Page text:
Dr. Michael W. Fox

Dog Mutilations

Vegetarianism: A Bioethical Imperative
Dr. Fox on the Tonight Show
In Memoriam_Feral Cat Mark Twain
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Releasing Cats To Live Outdoors
Outdoor Cats, Wildlife And Human Health
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Introducing A New Cat
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Dog Mutilations
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Dental Problems In Companion Animals
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Companion Animals Harmed By Pesticides
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Crying Wolf Too Much
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The 'One Medicine'
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  Pharmaceutical Cruelty In Animal Farms: Consumer Beware
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Conflicts Of Interest In The Veterinary Profession
Bioethics: Its Scope And Purpose
The Bioethics And Politics Of Manufactured Pet Foods
Animal Rights, Human Rights And Wrongs
The Future of the Veterinary Profession
Holistic Veterinary Medicine
Veterinary Ethics and Economics
Veterinary Bioethics and Animal Welfare
Principles Of Veterinary Bioethics
What Price Our Animal Relationships?
Changing Diets for Health's and Earth's Sake
Wildlife Conservation
Wildlife Reseach Needs Ethical Boundaries
Wildlife Management Practices
How Animals Suffer Around the World
Feeling for Animals and Animal Liberation
Animal Altruism and Abilty To Empathize
What Makes Animals Happy?
The Empathosphere: Animal Prescience, And Remote Sensing
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One Earth, One Health
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Quality Of Life In Animals
Healing Agriculture's Broken Connections
Mammon Vs. Civil Society
Justice For All Beings And The End Of Terrorism
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Michael W. Fox Resume'
Dr. Fox Biographical Interview
Interview: History of Animal Welfare Science
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To Kiss Salamanders and Stones

By Dr. Michael W. Fox

If you are planning to get a purebred puppy like a Schnauzer, Boxer, or Doberman Pinscher, for dog's sake tell the breeder not to cut off the tail of the pup you want. And when you get the puppy with a tail, don't have the next cruel and unnecessary mutilation done on the poor creature, namely, ear-cropping.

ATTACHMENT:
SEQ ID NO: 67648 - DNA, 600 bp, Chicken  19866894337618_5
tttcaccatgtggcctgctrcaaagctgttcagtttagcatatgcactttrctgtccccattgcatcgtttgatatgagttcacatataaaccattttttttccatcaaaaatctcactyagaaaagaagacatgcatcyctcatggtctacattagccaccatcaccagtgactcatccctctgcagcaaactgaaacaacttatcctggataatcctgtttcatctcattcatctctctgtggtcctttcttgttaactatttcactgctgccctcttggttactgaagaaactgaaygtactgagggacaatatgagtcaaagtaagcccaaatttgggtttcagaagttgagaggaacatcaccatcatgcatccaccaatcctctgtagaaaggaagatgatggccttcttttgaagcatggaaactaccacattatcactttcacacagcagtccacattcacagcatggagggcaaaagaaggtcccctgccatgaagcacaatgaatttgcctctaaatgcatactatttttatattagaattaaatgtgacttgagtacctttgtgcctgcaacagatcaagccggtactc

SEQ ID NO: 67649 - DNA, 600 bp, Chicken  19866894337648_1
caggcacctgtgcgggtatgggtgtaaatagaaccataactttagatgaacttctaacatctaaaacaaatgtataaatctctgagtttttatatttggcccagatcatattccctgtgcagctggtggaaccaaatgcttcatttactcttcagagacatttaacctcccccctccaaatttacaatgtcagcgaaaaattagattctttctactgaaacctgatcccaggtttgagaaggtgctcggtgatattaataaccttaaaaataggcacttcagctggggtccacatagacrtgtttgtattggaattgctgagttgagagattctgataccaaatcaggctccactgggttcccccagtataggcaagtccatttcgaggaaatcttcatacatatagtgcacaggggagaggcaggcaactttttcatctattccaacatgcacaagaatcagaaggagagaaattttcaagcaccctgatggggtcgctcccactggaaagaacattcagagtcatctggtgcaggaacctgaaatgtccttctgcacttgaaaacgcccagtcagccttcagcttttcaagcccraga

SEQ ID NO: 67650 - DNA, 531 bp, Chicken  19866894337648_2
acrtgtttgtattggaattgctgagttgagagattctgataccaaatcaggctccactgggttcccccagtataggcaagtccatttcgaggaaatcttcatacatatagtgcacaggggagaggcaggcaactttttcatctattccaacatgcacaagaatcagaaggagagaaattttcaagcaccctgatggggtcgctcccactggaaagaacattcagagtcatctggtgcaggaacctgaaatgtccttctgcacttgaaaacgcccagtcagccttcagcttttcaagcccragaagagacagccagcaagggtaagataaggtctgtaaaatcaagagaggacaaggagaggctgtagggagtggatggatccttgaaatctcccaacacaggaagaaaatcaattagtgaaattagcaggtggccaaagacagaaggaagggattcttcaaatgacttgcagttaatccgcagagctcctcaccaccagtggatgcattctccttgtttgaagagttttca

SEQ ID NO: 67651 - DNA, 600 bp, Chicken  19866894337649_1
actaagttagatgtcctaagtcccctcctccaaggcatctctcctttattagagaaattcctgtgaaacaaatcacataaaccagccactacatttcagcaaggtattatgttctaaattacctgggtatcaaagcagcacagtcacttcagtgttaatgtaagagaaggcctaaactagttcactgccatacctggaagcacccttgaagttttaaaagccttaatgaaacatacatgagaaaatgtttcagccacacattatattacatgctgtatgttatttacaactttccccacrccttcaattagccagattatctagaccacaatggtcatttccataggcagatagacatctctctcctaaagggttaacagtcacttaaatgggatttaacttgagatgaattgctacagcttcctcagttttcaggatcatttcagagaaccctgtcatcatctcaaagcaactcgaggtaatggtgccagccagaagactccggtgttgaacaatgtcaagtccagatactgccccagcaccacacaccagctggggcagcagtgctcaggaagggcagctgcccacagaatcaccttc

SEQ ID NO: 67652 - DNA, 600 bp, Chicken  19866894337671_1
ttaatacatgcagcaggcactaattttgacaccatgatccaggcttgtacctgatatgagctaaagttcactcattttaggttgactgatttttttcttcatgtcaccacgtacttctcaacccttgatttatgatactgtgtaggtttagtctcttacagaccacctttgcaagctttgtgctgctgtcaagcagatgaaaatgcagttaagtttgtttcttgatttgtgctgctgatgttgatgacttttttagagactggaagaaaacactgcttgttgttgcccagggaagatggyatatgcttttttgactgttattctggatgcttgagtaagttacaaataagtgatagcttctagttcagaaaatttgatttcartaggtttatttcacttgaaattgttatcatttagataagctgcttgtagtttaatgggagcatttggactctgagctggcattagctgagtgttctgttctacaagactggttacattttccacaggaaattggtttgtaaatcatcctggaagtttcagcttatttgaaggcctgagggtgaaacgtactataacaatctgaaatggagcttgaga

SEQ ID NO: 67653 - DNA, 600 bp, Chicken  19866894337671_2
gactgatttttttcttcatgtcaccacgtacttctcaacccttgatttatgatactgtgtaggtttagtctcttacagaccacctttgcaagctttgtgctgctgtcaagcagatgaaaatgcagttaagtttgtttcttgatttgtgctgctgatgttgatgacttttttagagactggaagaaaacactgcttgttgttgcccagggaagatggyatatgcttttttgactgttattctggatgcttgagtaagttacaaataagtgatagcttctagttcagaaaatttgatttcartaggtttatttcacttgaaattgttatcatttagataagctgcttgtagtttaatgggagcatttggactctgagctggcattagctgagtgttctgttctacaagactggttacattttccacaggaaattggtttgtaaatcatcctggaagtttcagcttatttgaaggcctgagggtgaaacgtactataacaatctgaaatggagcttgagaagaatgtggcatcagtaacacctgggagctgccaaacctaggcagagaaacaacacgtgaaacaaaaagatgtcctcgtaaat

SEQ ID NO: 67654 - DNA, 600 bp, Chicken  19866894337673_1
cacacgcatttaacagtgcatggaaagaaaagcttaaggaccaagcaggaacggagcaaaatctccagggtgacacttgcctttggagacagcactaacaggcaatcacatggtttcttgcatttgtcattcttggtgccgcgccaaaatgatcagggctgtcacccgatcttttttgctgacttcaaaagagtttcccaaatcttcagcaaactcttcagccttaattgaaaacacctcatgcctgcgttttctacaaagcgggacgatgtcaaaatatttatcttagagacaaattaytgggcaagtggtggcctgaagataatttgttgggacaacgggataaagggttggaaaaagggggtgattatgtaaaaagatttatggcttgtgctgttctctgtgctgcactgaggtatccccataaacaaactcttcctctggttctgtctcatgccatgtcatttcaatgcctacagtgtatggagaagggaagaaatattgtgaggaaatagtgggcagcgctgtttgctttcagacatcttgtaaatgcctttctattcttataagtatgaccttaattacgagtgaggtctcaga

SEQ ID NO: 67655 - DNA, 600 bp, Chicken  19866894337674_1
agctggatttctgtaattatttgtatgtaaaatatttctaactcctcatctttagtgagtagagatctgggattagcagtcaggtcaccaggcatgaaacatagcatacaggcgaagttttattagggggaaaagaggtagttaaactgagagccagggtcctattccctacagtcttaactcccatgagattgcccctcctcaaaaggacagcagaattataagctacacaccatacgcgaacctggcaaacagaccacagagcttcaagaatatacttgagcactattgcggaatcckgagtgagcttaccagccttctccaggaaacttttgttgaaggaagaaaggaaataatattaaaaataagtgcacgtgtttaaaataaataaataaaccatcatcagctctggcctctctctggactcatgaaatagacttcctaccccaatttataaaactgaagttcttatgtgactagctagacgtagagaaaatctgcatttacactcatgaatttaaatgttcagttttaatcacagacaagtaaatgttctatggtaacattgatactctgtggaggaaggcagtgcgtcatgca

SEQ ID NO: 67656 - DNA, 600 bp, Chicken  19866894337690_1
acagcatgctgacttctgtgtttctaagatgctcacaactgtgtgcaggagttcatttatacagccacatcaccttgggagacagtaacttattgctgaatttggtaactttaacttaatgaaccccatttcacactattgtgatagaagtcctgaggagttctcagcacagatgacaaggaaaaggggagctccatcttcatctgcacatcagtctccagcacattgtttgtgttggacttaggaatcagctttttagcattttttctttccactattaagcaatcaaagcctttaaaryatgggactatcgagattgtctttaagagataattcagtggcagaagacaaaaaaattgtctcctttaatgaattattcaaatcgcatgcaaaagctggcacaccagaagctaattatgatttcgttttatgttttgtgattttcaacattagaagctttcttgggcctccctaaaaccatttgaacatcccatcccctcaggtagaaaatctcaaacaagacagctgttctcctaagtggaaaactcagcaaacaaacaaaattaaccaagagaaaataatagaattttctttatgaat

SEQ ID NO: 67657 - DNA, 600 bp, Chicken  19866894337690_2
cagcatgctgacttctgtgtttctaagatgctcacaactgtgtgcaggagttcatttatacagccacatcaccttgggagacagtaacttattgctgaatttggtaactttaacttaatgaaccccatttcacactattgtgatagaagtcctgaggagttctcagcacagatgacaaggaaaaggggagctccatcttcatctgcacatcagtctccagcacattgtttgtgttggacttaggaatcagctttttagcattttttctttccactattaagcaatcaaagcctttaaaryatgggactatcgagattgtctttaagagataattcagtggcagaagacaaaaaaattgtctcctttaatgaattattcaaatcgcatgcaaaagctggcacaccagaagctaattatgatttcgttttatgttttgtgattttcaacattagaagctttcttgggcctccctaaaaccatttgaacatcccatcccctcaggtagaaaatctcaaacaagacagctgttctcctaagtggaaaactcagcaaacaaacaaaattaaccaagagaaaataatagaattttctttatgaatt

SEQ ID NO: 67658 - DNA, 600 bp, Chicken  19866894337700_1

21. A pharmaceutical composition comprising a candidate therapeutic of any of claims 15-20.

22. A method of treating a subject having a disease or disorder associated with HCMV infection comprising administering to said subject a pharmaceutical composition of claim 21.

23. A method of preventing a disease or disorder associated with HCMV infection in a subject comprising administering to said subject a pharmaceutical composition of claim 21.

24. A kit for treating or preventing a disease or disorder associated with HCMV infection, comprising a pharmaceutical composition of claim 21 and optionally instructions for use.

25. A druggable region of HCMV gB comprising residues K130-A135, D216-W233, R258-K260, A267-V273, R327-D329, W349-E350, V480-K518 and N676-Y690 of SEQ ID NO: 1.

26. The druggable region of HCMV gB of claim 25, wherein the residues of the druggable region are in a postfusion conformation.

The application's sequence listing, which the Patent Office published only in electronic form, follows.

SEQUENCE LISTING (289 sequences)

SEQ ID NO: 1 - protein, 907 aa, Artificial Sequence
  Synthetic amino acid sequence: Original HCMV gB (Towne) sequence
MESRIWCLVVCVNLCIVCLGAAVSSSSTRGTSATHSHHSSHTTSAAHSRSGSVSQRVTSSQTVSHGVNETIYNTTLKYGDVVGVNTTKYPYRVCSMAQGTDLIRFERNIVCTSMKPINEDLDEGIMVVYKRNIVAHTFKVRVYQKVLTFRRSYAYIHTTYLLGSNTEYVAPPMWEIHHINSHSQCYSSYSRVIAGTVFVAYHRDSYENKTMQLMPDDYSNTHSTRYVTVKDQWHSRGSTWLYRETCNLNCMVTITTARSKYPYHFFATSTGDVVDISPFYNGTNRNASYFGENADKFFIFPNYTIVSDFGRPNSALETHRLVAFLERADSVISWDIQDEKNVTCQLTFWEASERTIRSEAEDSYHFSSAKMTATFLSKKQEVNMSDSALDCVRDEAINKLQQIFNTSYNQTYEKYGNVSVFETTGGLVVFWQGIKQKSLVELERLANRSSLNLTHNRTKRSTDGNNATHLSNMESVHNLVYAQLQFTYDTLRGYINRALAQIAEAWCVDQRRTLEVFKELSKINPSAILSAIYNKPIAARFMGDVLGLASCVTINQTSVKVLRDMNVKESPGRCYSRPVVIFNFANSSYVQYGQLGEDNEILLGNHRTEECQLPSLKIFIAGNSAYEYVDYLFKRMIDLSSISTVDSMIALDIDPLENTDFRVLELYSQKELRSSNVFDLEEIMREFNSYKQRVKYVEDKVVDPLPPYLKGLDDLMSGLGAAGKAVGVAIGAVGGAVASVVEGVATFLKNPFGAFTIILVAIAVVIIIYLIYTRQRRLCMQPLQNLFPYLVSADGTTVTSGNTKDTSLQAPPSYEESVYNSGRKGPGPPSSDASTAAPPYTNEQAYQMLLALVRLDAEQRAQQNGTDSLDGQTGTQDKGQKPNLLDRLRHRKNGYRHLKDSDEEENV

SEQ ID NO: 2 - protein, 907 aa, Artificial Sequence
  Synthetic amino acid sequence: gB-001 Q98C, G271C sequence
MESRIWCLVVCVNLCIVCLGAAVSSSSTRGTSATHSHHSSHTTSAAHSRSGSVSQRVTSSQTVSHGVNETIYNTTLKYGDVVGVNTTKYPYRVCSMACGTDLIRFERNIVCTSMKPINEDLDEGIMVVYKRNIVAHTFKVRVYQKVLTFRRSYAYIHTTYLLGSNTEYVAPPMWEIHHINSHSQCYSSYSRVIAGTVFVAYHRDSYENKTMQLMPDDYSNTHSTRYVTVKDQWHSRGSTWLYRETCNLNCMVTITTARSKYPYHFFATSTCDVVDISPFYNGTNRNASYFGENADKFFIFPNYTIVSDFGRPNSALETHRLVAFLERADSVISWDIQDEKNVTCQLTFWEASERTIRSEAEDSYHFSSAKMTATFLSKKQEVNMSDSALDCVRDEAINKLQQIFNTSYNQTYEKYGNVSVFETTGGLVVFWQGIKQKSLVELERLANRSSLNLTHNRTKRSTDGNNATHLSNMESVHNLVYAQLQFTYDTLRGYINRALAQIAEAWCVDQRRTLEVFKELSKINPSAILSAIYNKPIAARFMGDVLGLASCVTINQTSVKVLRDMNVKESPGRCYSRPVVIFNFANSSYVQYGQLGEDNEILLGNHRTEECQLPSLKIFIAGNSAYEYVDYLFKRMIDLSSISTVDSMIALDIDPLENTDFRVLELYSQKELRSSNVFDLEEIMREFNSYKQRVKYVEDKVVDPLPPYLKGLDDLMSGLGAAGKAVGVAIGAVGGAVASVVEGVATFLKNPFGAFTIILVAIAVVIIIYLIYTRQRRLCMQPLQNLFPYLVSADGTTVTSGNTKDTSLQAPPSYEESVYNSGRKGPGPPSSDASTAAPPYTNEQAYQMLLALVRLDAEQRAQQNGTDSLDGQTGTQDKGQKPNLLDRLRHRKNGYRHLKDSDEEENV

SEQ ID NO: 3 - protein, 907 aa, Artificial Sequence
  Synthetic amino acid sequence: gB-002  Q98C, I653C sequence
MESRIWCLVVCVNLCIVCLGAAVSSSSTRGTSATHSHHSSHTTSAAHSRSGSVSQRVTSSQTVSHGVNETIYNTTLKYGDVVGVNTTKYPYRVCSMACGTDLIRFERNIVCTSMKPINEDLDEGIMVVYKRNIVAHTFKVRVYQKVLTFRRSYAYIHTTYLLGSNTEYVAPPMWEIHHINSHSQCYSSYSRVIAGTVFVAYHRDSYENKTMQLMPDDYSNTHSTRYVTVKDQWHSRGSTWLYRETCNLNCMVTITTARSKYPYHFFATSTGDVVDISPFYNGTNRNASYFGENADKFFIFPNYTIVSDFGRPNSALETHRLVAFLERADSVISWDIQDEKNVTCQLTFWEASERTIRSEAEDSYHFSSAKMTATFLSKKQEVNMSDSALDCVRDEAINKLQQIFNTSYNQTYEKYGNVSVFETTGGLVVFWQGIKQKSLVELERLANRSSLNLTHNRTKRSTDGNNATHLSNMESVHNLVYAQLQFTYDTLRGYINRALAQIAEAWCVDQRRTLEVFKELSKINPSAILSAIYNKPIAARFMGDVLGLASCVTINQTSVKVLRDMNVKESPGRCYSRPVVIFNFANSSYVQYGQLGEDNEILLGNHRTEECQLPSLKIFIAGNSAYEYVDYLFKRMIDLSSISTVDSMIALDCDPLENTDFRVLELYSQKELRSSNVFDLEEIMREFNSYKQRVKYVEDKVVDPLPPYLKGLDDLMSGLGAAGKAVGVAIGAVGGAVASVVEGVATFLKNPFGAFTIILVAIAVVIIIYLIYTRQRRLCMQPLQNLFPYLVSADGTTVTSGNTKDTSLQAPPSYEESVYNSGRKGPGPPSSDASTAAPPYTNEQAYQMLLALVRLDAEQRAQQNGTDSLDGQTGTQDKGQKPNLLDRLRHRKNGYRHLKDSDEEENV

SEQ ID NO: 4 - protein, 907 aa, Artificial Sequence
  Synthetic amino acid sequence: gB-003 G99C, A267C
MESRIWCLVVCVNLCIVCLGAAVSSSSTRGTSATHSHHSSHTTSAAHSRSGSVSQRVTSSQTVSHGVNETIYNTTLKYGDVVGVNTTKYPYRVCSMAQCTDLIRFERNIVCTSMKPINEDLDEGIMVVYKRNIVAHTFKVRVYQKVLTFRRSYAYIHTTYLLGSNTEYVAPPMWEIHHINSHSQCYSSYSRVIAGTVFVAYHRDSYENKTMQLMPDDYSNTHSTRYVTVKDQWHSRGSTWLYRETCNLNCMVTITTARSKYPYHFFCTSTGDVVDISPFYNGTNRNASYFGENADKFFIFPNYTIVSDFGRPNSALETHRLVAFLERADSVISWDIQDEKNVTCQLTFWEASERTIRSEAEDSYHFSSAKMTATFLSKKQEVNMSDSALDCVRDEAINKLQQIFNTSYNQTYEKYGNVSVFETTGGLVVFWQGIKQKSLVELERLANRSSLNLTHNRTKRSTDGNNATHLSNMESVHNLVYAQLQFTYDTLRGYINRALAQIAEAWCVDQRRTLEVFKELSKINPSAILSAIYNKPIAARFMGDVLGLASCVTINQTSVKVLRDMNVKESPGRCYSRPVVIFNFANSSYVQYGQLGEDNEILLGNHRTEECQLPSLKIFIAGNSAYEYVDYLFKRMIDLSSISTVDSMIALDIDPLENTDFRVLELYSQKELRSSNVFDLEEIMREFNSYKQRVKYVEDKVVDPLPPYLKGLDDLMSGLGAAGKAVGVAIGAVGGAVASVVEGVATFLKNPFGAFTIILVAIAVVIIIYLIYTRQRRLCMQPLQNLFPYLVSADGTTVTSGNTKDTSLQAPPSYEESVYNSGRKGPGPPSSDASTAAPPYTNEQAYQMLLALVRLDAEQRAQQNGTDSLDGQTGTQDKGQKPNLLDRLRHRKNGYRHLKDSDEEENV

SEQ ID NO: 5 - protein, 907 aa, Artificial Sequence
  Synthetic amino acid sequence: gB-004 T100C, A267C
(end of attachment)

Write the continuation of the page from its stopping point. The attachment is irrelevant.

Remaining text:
I advise against having either of these procedures done on any pup, not just because they are outlawed in the UK as unwarranted and unethical cosmetic alterations. They also cause harm, and can have long-term health and behavioral problems.

First, consider why dogs have tails. Regardless of the fact that some mutants have no tails at birth, dogs need and use their tails as one means of communication, especially for making their intentions clear to other dogs. Tails are used to signal friendliness, submission, fear, playfulness, dominance, and threats. They are even used as play-toys by pups pulling and leaping on their mothers' tails, who will twitch them to stimulate their offspring. Thick and furry tails can provide warmth and comfort to tuck into on a chilly night, and a strong tail can help provide counterbalance when running and turning fast. So why cut them off because it is some 'breed'?

Change the standards.

Second, consider why dogs have ears. A normal dog's ear, with complex muscles that enable dogs to move their ears independently and into different positions, not only plays a role in enhancing dogs' hearing ability, and ability to locate the direction of sounds, but is also an integral part of dogs' communication repertoire. Like the tail, different ear positions mean different things when combined with various facial expressions, body postures, and vocal sounds. Dogs with erect, cropped ears are hampered in this regard, and may be seen as more threatening by other dogs---and people too. How does this affect a naturally gentle dog, to be perceived as aggressive or dangerous? While assessing animal concerns with Masai cattle people in East Africa, after seeing that some of their dogs had cropped ears, I asked them why they had done so. They told me it was done to make chosen dogs 'more fierce'.